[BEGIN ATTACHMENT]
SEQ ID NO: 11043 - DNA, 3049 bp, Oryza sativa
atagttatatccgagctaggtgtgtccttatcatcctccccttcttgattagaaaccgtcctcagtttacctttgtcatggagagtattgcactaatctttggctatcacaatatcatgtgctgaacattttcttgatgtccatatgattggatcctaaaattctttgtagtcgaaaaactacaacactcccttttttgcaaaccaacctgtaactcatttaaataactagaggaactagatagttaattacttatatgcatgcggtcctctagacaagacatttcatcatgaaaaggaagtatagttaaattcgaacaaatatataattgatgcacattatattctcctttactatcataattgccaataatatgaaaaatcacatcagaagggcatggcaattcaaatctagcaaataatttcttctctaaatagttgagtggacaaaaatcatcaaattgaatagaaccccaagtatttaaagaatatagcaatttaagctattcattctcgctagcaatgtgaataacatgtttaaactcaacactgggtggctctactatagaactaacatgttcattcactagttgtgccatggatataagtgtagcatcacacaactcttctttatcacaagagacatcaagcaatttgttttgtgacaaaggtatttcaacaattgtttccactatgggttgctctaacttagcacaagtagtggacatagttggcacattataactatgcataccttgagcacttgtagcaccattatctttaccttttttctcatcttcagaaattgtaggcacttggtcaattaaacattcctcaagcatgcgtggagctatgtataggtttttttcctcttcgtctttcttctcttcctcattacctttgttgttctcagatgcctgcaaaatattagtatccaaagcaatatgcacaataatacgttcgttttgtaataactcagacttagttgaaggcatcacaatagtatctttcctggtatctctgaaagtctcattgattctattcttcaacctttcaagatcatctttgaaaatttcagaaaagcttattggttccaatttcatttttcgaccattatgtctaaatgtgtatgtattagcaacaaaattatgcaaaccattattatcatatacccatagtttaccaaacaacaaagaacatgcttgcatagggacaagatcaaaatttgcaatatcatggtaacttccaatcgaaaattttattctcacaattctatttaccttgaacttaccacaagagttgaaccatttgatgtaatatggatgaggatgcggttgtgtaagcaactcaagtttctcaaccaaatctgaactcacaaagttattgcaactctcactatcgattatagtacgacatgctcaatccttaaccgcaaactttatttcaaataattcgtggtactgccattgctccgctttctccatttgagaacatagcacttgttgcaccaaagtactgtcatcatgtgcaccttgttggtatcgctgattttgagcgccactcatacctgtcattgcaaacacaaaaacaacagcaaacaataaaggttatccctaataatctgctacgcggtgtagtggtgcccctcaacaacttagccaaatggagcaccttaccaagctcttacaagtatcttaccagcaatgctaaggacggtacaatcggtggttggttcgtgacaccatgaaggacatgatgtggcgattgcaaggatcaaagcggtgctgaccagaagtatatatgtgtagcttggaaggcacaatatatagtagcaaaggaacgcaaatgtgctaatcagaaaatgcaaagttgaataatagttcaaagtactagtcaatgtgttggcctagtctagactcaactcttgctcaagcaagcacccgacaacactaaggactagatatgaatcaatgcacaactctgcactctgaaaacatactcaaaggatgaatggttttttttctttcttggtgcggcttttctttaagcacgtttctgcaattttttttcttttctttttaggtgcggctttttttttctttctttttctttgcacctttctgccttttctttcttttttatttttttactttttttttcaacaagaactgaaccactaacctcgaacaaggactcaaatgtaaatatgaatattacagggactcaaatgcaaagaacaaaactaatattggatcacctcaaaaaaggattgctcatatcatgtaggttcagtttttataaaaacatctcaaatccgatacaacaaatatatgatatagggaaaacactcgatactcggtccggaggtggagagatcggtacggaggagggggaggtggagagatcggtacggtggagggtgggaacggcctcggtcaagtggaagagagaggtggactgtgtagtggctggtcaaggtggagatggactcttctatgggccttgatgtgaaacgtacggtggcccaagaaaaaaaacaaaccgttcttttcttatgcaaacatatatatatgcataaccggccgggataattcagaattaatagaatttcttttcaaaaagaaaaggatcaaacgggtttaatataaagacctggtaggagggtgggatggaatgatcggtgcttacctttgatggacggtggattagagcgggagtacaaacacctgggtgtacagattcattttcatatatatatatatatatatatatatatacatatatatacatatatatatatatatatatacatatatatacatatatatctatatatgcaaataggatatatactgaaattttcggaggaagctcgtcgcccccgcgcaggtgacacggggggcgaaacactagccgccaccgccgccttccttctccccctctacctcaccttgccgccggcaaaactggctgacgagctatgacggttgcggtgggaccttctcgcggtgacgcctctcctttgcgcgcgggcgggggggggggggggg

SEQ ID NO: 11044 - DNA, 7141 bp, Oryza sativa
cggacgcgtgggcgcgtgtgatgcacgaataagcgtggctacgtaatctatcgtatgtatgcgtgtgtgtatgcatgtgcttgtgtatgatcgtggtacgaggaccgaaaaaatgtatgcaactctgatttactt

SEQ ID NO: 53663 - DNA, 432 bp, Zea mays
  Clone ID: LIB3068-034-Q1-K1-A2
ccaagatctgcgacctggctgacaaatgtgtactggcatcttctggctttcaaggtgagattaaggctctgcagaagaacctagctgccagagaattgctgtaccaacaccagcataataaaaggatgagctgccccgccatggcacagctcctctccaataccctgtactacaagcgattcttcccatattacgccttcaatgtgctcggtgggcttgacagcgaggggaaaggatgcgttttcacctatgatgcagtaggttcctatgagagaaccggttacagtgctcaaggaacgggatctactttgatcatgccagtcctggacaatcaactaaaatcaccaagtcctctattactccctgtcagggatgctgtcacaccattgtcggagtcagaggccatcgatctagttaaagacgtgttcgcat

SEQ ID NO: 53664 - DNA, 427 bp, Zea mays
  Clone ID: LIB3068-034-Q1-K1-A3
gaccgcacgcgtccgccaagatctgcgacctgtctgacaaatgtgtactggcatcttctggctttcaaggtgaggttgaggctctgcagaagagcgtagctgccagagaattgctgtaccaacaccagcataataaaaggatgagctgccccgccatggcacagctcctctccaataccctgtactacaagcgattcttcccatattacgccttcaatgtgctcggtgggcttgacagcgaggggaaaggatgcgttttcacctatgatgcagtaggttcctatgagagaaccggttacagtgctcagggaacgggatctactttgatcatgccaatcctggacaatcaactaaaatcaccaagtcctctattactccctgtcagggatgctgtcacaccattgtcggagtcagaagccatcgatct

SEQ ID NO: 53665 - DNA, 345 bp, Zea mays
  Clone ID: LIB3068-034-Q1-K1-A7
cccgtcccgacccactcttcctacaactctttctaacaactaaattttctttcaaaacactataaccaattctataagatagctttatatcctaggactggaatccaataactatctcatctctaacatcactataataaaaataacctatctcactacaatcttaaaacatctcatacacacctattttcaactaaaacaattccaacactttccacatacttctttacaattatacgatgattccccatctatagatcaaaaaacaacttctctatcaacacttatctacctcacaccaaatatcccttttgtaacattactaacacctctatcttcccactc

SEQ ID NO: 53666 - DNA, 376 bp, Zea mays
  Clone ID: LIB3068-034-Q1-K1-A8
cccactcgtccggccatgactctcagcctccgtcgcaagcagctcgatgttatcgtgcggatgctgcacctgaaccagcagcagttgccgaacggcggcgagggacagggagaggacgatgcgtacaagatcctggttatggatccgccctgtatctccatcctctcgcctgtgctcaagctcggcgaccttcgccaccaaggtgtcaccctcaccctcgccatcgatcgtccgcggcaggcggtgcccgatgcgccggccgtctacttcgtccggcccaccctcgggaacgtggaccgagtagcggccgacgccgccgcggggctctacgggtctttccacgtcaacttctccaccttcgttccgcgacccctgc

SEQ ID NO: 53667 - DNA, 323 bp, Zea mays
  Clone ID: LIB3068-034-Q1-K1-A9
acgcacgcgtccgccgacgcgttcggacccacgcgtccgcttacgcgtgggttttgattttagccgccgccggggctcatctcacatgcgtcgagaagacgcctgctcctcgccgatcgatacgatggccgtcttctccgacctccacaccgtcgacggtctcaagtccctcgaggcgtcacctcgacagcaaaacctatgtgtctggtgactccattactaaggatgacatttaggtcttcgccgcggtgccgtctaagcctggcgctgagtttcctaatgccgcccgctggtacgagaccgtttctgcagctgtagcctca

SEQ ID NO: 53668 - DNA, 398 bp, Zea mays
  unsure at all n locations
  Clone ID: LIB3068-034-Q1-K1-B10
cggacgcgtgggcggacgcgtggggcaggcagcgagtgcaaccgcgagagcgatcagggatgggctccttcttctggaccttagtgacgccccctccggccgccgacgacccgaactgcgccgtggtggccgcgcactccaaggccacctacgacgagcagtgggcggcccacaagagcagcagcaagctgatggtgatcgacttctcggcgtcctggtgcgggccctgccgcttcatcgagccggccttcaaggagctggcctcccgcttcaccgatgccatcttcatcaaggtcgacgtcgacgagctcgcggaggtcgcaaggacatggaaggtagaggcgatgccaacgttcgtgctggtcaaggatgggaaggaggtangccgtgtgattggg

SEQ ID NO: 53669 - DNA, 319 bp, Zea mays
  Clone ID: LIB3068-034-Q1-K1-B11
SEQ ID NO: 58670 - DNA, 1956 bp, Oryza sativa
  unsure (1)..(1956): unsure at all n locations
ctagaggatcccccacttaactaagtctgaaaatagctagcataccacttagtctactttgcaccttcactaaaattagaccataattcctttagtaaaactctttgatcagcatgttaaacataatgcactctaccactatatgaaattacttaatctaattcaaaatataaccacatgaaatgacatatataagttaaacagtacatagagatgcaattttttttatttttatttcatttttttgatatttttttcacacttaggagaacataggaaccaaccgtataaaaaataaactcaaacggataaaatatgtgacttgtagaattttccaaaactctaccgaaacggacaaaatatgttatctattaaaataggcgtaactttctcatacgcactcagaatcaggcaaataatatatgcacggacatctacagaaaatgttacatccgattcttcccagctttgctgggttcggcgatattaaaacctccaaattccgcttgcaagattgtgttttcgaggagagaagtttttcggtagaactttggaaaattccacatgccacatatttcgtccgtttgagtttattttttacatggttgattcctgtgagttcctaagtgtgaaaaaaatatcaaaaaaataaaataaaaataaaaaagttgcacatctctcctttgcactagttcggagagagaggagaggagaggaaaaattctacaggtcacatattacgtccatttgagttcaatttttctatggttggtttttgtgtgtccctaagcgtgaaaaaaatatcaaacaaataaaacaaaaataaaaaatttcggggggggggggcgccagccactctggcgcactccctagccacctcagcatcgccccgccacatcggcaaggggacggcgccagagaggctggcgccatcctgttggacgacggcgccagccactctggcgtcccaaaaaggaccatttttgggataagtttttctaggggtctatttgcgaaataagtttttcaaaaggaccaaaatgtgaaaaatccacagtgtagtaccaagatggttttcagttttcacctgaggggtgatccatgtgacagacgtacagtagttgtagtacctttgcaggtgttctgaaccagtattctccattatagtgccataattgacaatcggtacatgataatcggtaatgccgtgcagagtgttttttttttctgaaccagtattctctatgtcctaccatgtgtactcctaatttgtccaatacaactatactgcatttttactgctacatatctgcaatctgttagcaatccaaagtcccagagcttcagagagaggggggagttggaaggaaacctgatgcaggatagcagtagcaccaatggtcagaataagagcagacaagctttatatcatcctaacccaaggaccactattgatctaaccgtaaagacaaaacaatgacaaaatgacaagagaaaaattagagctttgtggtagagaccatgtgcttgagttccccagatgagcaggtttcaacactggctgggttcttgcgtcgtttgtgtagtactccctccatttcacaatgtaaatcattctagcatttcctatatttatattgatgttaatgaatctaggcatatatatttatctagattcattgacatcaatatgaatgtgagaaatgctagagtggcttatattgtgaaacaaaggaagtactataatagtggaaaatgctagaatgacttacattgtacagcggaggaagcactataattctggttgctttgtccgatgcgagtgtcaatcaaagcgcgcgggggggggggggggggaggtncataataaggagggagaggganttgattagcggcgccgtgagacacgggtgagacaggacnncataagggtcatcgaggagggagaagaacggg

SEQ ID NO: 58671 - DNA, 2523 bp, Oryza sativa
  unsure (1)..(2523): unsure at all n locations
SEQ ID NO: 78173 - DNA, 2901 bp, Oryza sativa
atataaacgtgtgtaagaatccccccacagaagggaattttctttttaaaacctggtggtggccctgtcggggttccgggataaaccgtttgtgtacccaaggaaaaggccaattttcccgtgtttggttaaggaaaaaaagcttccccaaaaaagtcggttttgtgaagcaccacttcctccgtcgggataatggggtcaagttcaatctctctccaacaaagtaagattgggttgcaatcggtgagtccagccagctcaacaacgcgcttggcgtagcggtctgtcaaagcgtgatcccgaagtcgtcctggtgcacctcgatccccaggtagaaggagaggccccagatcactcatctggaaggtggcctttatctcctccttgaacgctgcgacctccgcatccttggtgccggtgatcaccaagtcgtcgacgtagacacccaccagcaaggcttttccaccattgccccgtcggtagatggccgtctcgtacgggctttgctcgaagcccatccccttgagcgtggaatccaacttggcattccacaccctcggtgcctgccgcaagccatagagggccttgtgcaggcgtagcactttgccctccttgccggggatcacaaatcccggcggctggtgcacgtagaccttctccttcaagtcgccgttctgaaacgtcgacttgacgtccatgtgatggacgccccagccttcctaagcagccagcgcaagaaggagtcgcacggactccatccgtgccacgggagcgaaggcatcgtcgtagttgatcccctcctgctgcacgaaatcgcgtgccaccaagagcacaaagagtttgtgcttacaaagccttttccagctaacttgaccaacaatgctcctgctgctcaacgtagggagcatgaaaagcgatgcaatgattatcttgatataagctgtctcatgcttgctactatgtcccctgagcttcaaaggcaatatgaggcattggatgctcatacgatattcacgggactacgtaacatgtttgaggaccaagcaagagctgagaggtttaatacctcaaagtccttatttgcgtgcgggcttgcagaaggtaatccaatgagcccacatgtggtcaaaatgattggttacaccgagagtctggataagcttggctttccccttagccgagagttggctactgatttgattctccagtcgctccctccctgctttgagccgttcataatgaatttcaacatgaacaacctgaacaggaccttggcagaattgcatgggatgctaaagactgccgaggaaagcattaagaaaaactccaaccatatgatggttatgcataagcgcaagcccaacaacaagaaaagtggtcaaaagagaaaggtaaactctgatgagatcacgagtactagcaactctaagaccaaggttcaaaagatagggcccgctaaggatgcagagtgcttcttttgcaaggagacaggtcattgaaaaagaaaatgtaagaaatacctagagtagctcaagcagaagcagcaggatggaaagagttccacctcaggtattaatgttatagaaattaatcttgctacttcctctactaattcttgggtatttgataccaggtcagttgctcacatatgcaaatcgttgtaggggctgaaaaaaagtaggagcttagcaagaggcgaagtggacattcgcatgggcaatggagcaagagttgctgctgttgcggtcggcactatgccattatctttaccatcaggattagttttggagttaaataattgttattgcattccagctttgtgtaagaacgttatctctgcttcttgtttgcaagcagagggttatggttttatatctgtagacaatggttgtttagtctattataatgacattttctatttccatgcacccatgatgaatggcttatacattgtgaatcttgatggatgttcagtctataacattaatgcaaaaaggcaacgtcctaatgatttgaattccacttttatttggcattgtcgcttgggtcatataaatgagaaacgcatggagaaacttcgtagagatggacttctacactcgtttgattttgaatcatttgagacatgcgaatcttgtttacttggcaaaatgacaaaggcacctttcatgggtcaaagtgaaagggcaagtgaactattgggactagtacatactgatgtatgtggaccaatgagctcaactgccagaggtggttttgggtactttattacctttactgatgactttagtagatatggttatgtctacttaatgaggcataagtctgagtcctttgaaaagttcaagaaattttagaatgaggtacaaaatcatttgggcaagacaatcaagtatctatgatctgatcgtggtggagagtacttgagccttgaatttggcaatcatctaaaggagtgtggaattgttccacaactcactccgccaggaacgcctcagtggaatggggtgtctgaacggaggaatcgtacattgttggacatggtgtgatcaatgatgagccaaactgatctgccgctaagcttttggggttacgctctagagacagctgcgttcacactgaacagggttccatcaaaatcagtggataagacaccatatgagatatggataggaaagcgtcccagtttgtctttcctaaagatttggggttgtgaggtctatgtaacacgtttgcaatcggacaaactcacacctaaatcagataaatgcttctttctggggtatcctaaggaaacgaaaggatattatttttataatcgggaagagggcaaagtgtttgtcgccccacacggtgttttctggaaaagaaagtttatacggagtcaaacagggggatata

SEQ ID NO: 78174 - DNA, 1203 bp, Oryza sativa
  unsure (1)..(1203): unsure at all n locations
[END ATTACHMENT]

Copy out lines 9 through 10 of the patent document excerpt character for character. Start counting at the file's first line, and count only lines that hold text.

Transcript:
  Clone ID: LIB3068-034-Q1-K1-A3
gaccgcacgcgtccgccaagatctgcgacctgtctgacaaatgtgtactggcatcttctggctttcaaggtgaggttgaggctctgcagaagagcgtagctgccagagaattgctgtaccaacaccagcataataaaaggatgagctgccccgccatggcacagctcctctccaataccctgtactacaagcgattcttcccatattacgccttcaatgtgctcggtgggcttgacagcgaggggaaaggatgcgttttcacctatgatgcagtaggttcctatgagagaaccggttacagtgctcagggaacgggatctactttgatcatgccaatcctggacaatcaactaaaatcaccaagtcctctattactccctgtcagggatgctgtcacaccattgtcggagtcagaagccatcgatct